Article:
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Byberry, Philadelphia

Township of Byberry
Former Township
Country United States
State Pennsylvania
County Philadelphia
Coordinates
Timezone EST (UTC-5)
 - summer (DST) EDT (UTC-4)
Area code 215
Map of Philadelphia County, Pennsylvania highlighting Byberry Township prior to the Act of Consolidation, 1854
Location of Byberry in Pennsylvania
Location of Pennsylvania in the United States

Byberry is a neighborhood in the far northeast section of Philadelphia, in the U.S. state of Pennsylvania. Originally it was incorporated as the Township of Byberry and was the northeasternmost municipality of Philadelphia County before the City and County consolidated in 1854.

Byberry had a strong abolitionist presence and may have been an original stop on the Underground Railroad. Today, the area occupied by the township is mostly synonymous with the neighborhood of Somerton, as neighborhoods Byberry and Somerton tend to overlap.

History

A township in the extreme northeastern part of the County of Philadelphia; bounded on the east and northeast by Poquessing Creek and Bucks County; on the northwest by Montgomery County; and on the west and southwest by the Township of Moreland.

Its greatest length was estimated at 5 miles (8.0 kilometres); its greatest breadth, 2 12 miles (4.0 kilometres); area, 4.700 acres (0.01902 km2). It was settled by a few Swedes previous to the year 1675, and in that year by four brothers—Nathaniel, Thomas, Daniel and William Walton—who were all young and single men. They had arrived at Newcastle from England early in that year, and, having prospected the land in the neighborhood of the Delaware River, chose the country near Poquessing Creek, and settled there.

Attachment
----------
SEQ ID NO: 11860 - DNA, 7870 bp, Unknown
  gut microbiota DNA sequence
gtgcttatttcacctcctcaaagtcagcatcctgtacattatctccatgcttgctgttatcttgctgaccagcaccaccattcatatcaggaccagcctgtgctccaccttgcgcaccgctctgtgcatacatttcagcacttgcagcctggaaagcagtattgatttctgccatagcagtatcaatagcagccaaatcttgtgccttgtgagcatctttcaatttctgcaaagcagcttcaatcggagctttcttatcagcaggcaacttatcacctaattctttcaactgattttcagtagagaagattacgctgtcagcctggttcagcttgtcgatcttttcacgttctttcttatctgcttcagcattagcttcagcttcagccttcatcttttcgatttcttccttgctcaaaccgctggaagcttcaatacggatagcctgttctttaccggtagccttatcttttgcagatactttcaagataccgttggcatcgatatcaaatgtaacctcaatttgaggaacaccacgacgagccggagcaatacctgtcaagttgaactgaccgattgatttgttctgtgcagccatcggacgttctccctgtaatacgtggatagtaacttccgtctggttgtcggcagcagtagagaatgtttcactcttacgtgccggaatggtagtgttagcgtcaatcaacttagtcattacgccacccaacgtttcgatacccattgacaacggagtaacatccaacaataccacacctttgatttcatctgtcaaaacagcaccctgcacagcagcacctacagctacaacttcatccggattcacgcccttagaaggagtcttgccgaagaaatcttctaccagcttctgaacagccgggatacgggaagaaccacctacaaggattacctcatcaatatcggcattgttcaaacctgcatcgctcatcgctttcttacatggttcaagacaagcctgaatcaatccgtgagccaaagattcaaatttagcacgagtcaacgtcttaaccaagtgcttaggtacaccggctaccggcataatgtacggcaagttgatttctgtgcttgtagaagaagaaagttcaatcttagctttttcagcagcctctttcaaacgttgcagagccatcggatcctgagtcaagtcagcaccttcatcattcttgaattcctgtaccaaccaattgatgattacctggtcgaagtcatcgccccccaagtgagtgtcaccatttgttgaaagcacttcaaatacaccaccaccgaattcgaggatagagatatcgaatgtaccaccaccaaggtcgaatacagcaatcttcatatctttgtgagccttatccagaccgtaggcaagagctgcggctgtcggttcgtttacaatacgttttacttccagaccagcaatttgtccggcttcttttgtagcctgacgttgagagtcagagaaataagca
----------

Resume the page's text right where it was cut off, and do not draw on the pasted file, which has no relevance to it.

They gave it the name Byberry, in honor of their native town, near Bristol, in England.

They were joined after the arrival of the ship Welcome in 1682, by Giles and Joseph Knight, John Carver, John Hart, Richard Collett and their families, and others. Byberry was the birthplace of Benjamin Rush, a signer of the Declaration of Independence.

The township was established at a very early date after the coming of William Penn. It contained very few villages at the time of consolidation, and was the most rural of all the townships of Philadelphia County. Byberry Crossroads, once called Plumbsock, and Knightsville were the principal villages.

Notable people

References

  • Chronology of the Political Subdivisions of the County of Philadelphia, 1683–1854
  • Information courtesy of ushistory.org
  • Incorporated District, Boroughs, and Townships in the County of Philadelphia, 1854 By Rudolph J. Walther - excerpted from the book at the ushistory.org website
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